FDA Commissioner Scott Gottlieb, MD told an audience Tuesday that nine firms—major tech companies among them—will take part in the new FDA Software Precertification (PreCert) Pilot Program.
The companies were a select few plucked from a field of more than 100 applicants, and they have star power. Apple, Verily, Samsung, and Fitbit are just some of the well-known names. Other participants are Johnson & Johnson, Roche, New York’s Phosphorus, Palo Alto-based Tidepool, and Pear Therapeutics from Boston.
“Our team will be spending the rest of the year working closely with these companies to deepen our understanding of their technologies and their operations and methodologies,” Gottlieb told attendees during his September 26 keynote speech at The Medtech Conference powered by AdvaMed. “This collaboration is a key part of establishing the proper regulatory framework.”
As MD+DI previously reported, the pilot program, which is part of FDA’s Digital Health Innovation Action Plan, is intended to consider developer concerns, reduce regulatory burden, and determine metrics and quality standards that would qualify a company for precertification.
The nine companies will open their facilities to FDA staff visits and will work with the agency to share how they build, assess, and maintain their software offerings, according to the press release.
“We applaud the FDA for taking a progressive and thoughtful approach to designing a potential new digital health regulatory framework and are proud to have been selected to participate in this innovative pilot program,” James Park, cofounder and CEO of Fitbit, said in a corporate press release. “As Fitbit takes a more integrated role in personal healthcare, we are hopeful this will allow us to accelerate FDA regulated features and software development, bringing new capabilities that could positively impact health outcomes to market more quickly.”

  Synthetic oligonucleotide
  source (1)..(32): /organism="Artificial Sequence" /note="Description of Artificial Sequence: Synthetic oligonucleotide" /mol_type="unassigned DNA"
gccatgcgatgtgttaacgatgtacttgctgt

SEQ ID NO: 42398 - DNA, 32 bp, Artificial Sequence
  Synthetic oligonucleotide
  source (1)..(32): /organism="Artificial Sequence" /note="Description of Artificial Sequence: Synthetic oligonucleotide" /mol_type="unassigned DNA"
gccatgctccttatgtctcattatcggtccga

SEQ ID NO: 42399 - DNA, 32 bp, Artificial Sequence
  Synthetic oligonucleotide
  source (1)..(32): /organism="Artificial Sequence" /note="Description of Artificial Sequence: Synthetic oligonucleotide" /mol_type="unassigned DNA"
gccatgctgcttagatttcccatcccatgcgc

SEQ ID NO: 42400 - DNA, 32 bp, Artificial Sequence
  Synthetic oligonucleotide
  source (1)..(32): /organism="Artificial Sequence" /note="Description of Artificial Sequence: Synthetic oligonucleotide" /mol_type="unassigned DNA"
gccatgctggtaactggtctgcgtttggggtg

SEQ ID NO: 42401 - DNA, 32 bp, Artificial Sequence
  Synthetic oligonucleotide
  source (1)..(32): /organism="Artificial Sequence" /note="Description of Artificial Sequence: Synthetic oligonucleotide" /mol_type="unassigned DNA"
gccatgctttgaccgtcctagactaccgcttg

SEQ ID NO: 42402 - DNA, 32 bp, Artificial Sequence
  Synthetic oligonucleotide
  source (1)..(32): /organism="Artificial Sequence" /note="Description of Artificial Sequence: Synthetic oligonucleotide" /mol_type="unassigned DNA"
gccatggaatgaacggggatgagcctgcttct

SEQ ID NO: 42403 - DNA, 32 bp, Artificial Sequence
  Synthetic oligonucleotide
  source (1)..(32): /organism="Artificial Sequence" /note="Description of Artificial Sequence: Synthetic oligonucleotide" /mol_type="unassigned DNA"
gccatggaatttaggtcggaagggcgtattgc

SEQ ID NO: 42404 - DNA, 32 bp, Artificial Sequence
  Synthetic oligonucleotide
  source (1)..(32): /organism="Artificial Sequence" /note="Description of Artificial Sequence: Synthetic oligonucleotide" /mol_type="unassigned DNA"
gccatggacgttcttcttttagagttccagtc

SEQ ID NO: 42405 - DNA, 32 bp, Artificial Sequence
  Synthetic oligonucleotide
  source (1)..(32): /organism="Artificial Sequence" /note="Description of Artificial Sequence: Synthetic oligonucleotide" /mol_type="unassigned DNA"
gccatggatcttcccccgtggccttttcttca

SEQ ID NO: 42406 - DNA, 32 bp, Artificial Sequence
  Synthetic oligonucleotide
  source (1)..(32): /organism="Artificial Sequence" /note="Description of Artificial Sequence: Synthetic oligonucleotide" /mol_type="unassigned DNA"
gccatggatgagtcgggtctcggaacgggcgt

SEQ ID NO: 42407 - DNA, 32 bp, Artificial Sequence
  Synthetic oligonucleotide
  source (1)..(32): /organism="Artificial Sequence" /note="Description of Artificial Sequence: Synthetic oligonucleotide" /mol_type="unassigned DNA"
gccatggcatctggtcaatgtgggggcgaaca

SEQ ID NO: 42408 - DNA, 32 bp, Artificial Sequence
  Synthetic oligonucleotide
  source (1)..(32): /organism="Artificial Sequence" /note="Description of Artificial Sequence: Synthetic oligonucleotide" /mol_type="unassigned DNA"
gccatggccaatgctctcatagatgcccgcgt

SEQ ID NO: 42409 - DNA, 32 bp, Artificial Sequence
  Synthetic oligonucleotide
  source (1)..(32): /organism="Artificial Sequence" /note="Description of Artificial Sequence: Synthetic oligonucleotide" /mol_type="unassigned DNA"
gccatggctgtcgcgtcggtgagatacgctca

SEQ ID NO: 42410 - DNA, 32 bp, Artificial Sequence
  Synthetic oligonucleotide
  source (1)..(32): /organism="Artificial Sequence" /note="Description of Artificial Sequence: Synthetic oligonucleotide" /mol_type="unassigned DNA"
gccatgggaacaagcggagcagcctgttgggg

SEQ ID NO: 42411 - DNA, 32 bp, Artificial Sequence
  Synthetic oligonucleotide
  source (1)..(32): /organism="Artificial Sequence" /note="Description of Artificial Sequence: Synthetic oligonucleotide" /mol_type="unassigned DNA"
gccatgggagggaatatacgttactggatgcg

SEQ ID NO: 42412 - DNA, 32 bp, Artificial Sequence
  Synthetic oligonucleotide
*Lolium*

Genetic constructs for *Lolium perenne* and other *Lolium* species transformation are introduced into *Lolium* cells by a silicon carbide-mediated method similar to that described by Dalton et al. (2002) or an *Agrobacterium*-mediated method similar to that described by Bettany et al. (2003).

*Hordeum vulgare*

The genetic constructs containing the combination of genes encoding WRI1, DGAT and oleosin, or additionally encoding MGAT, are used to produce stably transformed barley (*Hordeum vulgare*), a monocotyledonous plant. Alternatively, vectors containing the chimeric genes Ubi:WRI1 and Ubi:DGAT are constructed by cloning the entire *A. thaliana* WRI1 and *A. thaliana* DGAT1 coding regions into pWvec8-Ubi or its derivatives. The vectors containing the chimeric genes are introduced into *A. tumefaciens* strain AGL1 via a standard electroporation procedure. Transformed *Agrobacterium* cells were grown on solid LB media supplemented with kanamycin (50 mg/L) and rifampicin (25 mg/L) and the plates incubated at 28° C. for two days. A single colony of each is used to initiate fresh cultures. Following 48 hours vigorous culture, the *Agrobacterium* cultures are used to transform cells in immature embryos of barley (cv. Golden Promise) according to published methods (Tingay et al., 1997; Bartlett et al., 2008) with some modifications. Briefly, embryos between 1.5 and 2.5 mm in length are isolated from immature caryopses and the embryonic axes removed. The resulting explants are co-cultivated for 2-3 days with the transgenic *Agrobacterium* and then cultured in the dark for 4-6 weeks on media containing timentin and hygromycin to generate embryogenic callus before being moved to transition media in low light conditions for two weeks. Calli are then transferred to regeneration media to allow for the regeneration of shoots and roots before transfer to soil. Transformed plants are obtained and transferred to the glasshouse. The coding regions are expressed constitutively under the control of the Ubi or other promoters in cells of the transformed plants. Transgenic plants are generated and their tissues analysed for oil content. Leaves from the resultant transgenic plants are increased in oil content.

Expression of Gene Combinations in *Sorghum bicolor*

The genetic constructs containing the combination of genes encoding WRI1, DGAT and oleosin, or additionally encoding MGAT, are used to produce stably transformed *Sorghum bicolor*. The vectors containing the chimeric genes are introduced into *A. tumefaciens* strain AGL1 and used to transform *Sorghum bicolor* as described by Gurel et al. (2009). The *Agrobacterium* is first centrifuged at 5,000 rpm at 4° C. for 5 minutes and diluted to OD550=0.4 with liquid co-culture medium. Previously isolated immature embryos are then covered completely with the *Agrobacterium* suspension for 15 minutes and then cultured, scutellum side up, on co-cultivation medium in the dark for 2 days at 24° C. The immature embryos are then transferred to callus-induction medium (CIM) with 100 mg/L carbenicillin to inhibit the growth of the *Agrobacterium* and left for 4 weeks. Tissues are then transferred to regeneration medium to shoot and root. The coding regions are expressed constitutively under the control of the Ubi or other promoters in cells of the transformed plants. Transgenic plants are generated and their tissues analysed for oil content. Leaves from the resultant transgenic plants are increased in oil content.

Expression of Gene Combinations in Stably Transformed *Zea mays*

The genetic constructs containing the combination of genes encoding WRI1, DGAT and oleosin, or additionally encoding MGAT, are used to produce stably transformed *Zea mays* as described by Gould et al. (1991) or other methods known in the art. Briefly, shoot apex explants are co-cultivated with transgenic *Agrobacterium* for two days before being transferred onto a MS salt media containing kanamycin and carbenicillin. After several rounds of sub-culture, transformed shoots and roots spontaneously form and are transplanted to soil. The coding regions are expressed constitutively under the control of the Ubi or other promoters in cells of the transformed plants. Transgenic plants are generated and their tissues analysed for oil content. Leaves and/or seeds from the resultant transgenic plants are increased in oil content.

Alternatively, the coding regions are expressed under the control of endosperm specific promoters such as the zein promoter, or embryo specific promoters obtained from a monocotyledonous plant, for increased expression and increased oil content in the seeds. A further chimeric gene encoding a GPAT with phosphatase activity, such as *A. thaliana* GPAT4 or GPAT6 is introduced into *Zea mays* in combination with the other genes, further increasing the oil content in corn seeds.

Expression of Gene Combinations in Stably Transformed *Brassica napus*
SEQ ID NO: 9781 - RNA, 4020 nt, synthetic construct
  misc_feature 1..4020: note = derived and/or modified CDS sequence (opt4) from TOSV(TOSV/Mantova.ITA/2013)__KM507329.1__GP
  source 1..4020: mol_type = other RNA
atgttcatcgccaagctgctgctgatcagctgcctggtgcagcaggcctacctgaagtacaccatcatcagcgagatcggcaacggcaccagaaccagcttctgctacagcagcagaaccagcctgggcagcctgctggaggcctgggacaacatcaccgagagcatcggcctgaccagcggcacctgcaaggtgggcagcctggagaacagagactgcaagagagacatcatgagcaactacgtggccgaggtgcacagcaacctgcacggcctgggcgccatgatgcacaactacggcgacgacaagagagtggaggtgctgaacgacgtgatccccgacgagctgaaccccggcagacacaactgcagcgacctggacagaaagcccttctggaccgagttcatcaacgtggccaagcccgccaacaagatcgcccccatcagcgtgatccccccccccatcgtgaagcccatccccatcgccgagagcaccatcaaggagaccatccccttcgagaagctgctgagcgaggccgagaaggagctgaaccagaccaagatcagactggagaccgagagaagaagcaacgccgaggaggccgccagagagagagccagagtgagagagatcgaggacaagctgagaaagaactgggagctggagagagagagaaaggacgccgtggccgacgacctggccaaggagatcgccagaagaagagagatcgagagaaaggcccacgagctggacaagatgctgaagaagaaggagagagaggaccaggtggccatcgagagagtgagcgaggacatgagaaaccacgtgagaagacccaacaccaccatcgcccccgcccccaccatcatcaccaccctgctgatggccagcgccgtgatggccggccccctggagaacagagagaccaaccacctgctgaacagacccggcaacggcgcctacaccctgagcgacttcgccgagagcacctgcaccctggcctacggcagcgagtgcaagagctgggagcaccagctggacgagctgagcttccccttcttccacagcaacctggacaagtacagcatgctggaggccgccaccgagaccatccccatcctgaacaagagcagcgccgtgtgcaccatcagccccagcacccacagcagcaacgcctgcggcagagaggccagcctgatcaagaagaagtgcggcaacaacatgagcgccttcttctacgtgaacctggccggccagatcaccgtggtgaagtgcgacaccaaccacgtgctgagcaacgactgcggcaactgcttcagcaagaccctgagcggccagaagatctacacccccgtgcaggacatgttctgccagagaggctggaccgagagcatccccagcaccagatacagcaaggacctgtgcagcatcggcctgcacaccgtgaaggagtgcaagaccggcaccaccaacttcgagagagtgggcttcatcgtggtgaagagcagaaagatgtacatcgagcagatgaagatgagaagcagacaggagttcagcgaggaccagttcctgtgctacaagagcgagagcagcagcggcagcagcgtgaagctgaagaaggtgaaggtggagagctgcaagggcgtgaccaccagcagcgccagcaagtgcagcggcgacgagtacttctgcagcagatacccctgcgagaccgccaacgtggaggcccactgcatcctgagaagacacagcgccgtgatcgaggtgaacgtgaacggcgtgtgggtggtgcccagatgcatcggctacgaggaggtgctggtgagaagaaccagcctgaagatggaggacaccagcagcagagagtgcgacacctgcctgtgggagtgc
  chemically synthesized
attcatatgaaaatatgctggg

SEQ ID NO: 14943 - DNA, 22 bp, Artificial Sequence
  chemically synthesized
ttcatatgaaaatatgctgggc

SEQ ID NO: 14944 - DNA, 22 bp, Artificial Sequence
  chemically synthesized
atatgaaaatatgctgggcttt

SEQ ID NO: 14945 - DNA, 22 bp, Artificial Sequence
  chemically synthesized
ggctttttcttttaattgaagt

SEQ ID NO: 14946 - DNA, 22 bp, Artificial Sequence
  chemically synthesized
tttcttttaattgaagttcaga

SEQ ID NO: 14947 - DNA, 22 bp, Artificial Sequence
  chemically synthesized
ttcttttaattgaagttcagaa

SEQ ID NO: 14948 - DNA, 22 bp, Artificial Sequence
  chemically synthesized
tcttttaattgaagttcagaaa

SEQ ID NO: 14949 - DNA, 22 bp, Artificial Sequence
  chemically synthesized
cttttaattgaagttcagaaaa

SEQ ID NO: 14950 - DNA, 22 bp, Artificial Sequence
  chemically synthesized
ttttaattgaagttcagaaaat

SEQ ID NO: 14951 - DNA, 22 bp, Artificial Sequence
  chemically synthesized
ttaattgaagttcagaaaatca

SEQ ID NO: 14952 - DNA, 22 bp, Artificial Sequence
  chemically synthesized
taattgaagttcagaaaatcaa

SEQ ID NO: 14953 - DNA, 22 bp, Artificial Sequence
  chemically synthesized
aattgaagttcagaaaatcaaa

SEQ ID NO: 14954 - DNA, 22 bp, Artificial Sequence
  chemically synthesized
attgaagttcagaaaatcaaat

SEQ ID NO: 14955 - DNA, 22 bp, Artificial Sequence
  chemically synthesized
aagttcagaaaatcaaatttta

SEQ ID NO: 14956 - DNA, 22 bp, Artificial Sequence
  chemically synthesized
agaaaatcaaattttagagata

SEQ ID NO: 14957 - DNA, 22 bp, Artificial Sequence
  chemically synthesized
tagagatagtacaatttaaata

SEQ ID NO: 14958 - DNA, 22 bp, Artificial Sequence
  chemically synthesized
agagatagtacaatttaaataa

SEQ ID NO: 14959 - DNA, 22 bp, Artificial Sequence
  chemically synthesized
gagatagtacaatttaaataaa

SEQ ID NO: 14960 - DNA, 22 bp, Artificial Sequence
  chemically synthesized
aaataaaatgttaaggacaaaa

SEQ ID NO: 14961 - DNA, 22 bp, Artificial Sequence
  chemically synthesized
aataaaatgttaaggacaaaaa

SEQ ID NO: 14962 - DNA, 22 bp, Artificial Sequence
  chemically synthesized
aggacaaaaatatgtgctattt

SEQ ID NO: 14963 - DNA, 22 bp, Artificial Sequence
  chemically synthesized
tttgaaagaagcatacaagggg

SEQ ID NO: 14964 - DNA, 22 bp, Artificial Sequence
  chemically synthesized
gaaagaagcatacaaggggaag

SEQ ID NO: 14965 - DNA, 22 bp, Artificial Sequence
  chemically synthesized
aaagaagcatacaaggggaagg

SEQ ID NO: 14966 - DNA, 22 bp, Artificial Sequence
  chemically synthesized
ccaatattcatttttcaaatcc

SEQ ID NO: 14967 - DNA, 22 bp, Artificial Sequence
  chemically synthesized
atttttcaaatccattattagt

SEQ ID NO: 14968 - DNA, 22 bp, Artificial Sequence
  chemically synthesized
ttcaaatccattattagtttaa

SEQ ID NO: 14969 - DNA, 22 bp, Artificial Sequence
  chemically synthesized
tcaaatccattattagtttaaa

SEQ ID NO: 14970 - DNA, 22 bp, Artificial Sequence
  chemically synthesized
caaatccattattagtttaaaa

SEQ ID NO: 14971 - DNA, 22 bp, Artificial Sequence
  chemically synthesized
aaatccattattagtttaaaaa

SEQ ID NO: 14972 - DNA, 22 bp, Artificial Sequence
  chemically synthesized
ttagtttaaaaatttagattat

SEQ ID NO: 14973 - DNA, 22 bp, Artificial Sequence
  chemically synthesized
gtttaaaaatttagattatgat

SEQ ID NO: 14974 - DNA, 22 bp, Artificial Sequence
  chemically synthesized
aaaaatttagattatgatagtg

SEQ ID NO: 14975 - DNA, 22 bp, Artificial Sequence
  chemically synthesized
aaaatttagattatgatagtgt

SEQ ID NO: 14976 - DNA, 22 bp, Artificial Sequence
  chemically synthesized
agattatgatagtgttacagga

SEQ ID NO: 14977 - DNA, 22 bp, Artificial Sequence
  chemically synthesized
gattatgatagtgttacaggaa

Precertification could eventually be a big boon for a company. The agency notes in its press announcement of the pilot participants that “The FDA is also considering, as part of the pilot program, whether and how, precertified companies may not have to submit a product for premarket review in some cases.”
Although only the nine companies will be part of the formal pilot program, FDA will be hosting informational calls with the public and plans to hold a public workshop in January. The agency is also seeking experts to work with CDRH on the topic through an entrepreneur-in-residence program.
“This PreCert framework is a modern approach to regulation, focusing on product developers rather than just the product,” Gottlieb said. He later added, “The bottom line is this: FDA’s device segment has been a pioneer when it comes to a growing number of concepts for more efficient and more effective regulation.”